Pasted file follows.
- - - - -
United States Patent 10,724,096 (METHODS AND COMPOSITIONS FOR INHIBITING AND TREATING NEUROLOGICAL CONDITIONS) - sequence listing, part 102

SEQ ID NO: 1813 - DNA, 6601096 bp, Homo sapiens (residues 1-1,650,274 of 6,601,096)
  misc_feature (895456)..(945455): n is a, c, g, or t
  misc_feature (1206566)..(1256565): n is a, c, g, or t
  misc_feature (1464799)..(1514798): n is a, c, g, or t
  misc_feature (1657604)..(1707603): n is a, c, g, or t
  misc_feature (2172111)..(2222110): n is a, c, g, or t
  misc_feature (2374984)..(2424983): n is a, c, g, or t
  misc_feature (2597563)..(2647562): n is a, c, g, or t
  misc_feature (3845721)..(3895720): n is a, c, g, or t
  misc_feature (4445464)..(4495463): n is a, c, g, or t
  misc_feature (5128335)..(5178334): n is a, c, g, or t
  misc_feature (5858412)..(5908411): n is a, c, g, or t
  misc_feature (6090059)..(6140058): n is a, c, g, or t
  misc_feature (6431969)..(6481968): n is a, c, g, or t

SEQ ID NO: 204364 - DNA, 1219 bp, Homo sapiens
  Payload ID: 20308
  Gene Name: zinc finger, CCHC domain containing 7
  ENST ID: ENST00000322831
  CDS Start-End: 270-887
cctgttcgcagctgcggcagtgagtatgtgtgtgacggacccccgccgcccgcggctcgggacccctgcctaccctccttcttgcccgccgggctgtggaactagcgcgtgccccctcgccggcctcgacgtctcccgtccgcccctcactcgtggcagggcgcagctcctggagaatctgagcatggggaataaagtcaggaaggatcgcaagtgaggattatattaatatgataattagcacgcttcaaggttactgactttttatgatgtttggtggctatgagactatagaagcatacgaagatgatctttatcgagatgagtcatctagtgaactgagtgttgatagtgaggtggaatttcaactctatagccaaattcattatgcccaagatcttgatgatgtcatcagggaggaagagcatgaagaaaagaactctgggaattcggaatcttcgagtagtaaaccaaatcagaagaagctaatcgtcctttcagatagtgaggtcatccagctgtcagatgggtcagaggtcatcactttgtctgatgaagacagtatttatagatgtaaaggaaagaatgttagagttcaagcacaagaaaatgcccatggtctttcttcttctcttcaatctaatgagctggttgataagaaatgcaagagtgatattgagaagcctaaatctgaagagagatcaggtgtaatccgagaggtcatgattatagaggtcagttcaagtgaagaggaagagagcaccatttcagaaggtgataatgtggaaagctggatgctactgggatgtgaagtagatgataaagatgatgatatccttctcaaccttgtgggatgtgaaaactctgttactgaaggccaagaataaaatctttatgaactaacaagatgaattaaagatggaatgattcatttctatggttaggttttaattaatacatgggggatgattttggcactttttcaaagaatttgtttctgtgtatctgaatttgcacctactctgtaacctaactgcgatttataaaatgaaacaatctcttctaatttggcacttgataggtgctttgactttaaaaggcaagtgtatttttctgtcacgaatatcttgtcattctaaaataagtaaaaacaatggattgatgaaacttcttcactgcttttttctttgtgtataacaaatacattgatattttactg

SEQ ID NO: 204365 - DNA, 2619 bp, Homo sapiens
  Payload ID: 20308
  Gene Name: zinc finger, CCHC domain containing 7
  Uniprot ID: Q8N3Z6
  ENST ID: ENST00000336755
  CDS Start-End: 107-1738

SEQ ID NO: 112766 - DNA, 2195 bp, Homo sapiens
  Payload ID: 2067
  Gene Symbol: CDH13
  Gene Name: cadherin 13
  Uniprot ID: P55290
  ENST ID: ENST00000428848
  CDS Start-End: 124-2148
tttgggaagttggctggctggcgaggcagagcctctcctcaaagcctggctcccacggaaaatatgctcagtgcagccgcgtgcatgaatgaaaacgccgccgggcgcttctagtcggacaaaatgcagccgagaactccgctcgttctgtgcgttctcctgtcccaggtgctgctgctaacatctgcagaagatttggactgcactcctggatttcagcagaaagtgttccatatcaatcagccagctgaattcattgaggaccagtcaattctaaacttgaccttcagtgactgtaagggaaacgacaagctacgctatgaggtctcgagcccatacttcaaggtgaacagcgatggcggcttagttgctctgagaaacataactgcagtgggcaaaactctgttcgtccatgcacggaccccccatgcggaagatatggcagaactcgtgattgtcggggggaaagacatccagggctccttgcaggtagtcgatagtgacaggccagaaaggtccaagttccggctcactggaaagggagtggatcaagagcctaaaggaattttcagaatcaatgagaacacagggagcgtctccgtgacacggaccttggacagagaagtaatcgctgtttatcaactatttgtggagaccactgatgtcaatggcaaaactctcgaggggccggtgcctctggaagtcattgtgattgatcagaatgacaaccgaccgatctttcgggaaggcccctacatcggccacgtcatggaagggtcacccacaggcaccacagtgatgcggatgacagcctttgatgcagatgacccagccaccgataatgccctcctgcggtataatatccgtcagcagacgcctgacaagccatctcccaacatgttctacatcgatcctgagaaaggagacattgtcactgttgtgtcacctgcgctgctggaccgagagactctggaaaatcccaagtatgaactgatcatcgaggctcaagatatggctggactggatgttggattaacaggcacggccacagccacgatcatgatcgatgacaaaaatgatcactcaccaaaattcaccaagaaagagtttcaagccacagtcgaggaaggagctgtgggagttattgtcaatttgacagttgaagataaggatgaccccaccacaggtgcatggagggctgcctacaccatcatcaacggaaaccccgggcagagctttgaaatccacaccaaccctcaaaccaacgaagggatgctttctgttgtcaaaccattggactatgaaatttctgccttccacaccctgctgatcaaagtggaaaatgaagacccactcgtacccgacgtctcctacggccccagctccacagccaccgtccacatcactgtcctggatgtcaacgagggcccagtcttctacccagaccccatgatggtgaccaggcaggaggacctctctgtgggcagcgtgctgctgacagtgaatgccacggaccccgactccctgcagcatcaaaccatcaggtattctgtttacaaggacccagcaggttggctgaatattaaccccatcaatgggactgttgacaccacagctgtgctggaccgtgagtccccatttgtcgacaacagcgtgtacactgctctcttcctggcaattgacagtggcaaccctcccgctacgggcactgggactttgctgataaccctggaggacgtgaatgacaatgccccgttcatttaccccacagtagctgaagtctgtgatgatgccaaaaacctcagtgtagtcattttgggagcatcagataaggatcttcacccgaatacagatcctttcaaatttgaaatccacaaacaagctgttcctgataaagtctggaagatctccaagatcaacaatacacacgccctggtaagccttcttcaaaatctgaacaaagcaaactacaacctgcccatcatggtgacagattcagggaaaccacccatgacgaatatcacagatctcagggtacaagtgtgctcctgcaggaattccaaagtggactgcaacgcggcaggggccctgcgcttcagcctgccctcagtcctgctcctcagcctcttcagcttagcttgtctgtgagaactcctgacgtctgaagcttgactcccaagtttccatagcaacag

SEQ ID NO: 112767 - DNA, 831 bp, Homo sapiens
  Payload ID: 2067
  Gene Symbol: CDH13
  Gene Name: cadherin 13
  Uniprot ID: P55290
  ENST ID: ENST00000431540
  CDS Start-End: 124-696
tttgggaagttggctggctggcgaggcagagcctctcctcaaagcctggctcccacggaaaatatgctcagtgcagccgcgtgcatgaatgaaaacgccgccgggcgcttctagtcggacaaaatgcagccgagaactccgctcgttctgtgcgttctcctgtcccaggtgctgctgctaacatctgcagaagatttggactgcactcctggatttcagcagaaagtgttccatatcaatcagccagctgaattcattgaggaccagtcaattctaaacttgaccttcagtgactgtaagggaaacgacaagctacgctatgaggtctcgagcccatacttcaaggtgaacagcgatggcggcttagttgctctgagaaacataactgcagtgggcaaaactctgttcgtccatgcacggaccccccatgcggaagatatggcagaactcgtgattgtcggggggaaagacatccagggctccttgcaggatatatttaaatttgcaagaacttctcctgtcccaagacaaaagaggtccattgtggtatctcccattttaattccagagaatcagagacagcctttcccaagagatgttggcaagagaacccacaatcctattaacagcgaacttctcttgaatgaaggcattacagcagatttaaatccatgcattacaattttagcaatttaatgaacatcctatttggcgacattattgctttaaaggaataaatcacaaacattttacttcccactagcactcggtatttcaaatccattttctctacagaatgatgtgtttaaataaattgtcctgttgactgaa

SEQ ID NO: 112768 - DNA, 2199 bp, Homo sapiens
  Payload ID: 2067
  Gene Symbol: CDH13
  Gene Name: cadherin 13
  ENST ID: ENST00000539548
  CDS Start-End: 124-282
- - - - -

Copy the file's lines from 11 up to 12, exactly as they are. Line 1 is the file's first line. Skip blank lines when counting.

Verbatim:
  misc_feature (4445464)..(4495463): n is a, c, g, or t
  misc_feature (5128335)..(5178334): n is a, c, g, or t